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musicslug

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Reply with quote  #16 
I've had a delrin bridge on my vina (with them giant gauge strings...) since 2006. my teacher would touch up the jawari practically every week for the first 5 months I had it, so I'll estimate that it's been 'done' for about 7 years. since I play it 2-3 hours a day, that comes out to 900 hrs./yr, so, @ 7 years, that equals 6300 hours, and it hasn't needed a bit of touch-up. yay delrin!
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Sitarfixer

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Reply with quote  #17 
Hey there, Rex. Very happy to hear the delrin bridges are working out for you. Glad I could be of service. 4,000 hours ! I will have to quote you when anybody asks me about delrin. I have quite a few rough blocks of white delrin cut to the original 1/2" ( deer horn dimensions ) spec along with the newer 3/8" blocks. Musicslug - 6,300 hours on a veena ! I'm writing these numbers down to include with future bridge sales. Thank you both for the stats on your delrin bridges. Yeah Delrin ! ! !
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fossesitar

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Reply with quote  #18 
In the late 60s when I returned from India with my Hemen, there were, needless to say, virtually no sitaristas and certainly no sitar forum. I was full of enthusiasm after spending a year with UVK, and quickly ran the bone jawari of my Hemen into the ground. Having no where else to turn, I did my own jawari and soon had ruined my original bridge and two others as well. What a Godsend a delrin bridge would have been for me then!! My enthusiasm and playing time were adversely effected to say the least.

I just want to state again, Tony K has "the knack" and one of his "ballpark" open jawari (made without any access to your sitar for final fitting, which is done instead by you) is infinitely superior to "getting by" or doing your own, at least for most of us. Self installation is doable, but doing your own jawari is, in my experience, not a wise choice for the average player. I have heard repeated here on the forum that UVK could do his own jawari. I am sure that is true in an emergency, but he always took his jawari to one particular man at the Rikhi Ram shop in Delhi to get it done, on a regular basis. I know because he took me there with him for this purpose (jawari) on one occasion and introduced me to that jawari meister, and others in the shop, like a proud father. If UVK had his jawari done by a specialist, shouldn't we?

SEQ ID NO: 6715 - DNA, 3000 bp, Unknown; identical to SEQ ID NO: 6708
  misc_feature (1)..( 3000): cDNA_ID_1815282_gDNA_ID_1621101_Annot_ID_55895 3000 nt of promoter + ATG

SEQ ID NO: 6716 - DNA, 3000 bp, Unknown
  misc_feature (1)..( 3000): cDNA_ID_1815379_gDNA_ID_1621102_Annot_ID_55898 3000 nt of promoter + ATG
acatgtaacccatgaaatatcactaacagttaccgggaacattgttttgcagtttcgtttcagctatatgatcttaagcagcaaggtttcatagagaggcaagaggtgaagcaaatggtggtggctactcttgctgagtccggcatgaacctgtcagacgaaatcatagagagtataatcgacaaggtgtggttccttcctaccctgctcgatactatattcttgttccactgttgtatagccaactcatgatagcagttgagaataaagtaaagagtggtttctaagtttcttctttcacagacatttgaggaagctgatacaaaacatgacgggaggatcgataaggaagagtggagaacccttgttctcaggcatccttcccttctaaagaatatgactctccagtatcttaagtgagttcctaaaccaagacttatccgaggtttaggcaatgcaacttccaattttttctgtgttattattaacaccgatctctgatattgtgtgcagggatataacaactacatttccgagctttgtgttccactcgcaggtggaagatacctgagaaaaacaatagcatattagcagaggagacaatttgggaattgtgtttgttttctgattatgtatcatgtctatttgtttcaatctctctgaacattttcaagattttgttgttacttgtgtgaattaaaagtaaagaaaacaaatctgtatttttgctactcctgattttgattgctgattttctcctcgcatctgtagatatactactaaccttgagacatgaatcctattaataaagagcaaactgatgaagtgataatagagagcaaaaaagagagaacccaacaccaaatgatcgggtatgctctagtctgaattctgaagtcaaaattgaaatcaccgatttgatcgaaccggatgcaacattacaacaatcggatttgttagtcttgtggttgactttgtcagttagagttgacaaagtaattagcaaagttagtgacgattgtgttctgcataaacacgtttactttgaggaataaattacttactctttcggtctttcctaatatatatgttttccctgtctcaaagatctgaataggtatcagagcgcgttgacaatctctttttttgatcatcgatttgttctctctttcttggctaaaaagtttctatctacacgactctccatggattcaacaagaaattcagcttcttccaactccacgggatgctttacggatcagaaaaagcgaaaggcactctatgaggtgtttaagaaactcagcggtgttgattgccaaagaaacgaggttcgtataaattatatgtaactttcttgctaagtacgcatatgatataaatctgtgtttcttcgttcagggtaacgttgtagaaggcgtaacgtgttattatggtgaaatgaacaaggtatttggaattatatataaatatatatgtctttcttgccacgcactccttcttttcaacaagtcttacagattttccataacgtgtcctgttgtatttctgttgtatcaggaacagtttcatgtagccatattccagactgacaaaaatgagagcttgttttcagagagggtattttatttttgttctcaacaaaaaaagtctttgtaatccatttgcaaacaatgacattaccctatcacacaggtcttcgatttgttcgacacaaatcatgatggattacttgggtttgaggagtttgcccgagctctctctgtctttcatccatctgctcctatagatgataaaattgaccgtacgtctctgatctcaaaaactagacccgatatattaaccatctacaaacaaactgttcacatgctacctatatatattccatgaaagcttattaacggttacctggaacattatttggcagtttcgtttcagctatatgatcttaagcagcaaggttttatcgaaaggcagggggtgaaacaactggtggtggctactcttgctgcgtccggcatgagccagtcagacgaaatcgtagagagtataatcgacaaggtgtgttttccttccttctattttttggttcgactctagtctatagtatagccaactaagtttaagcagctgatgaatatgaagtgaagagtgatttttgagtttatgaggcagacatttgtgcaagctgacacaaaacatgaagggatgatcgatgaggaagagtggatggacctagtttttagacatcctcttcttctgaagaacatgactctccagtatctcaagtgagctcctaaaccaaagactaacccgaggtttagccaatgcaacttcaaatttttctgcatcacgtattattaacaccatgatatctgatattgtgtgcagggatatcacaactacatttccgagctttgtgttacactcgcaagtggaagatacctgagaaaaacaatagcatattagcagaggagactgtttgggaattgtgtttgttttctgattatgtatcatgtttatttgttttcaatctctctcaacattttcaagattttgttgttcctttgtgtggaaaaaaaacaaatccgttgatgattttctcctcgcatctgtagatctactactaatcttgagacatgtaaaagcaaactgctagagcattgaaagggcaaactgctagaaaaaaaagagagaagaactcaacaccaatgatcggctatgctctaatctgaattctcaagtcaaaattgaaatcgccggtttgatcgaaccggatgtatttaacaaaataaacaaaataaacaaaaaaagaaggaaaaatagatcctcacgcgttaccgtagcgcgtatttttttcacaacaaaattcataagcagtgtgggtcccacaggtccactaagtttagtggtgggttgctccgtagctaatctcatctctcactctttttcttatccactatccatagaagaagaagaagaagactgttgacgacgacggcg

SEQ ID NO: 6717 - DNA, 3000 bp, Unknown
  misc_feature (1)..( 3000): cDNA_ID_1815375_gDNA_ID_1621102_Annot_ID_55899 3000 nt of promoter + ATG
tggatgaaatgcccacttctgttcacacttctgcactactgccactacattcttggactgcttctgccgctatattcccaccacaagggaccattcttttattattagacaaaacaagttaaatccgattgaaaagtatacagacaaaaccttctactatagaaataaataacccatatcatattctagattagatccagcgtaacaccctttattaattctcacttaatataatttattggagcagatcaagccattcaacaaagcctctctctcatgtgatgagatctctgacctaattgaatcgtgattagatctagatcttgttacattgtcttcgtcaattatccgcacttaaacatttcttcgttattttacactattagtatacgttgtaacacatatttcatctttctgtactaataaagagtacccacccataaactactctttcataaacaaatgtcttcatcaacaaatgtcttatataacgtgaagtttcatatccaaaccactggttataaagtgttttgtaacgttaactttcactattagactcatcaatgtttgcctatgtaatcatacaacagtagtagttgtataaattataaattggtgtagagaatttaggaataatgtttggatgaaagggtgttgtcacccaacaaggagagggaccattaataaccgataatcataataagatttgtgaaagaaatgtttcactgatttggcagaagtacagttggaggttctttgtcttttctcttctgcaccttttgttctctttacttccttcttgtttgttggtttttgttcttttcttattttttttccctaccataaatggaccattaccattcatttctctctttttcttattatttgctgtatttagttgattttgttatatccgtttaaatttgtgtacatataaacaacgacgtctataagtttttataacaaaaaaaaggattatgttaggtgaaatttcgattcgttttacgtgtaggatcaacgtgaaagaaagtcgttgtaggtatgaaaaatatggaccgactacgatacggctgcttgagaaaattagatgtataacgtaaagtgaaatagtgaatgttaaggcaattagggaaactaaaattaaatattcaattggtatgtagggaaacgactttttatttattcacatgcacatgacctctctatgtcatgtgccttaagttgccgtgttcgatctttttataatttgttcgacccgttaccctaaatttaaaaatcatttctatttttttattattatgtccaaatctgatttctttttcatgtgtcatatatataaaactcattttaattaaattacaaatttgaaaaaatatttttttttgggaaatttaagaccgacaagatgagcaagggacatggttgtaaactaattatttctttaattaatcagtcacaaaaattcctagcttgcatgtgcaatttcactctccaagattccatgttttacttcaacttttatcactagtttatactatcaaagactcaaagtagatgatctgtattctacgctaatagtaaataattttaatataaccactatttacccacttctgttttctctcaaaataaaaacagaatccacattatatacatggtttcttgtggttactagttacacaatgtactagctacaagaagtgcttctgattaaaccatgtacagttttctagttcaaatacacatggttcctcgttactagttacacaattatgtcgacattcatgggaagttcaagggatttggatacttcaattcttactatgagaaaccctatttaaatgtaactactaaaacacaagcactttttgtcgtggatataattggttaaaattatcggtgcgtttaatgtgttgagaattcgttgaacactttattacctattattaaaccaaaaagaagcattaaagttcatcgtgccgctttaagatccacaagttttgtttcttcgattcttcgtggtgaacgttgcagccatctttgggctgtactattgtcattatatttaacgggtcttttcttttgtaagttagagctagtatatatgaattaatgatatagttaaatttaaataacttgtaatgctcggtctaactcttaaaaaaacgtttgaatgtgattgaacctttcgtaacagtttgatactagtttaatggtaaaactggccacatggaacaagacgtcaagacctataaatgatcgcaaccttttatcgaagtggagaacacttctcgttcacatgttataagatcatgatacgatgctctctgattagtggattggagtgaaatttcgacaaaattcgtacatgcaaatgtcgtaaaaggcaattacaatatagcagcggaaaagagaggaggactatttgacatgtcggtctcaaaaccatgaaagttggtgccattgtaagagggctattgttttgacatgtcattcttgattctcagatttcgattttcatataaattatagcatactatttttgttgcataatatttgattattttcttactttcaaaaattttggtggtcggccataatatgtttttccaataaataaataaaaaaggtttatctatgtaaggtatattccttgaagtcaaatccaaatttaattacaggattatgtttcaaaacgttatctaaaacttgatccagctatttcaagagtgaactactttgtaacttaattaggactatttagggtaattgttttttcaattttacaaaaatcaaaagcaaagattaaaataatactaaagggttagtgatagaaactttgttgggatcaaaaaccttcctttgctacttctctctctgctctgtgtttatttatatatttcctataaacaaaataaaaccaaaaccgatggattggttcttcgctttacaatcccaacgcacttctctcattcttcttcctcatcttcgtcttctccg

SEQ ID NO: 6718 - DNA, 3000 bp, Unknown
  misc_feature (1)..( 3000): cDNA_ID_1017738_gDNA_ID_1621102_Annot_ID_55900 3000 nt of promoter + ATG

It is SUCH a boon - time wise, money wise, hassle wise, practice wise, and every other-wise, to have a jawari that lasts for thousands and thousands of hours - you cannot even find wear lines on the surface of the bridge after thousands of hours!

I only wish delrin had been the bridge material on the '63 Hemen that I brought back with me from India. I would be a better player today if it had. GF
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Sitarfixer

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Reply with quote  #19 
Ya'll must be wondering how a "ballpark" jawari can have such good results when shaped without having the instrument to fit it on. Over the years and miles, I've had the opportunity to work on great sitarists instruments. Lucky me, you bet ! Ravi Shankars Nodu sitars were held, loved on, stroked on and examined at every opportunity. I would just stare at the bridges and burn into my mind what those damned things looked like. Getting that airfoil shape into memory and then recreating that shape onto new bridge stock is generally what the ballpark is all about. While in Japan, a sitar fanatic brought his sitar to the hotel wanting to do a side by side comparison to Ravijis #1 Nodu sitar. Of course I underdtood his desire and accomodated him to the fullest extent. Turns out the sitar he brought along came from Hiren Roy, was fourty years old and was never touched upon receipt. I spent nearly three hours just staring at that bridge and how the whole thing was set up while he's taking measurements and photos. One of Shujaat Khans sitars also got the 3rd, degree when he brought it to my house. Under ideal conditions, having the sitar at hand allows for correct bridge height, slot spacing, etc. along with having the owner/player right there to direct the final tone according to his/her ears. Ballpark orders come with requested dimensions and sound preferences. I then set up the bridge based on those specs and my mental images, look over the finished product with fanatical obsession making sure the light reflects off the surface evenly and then when it looks to be somewhere in left center field, it gets boxed up and shipped. " Play ball " ! ! !
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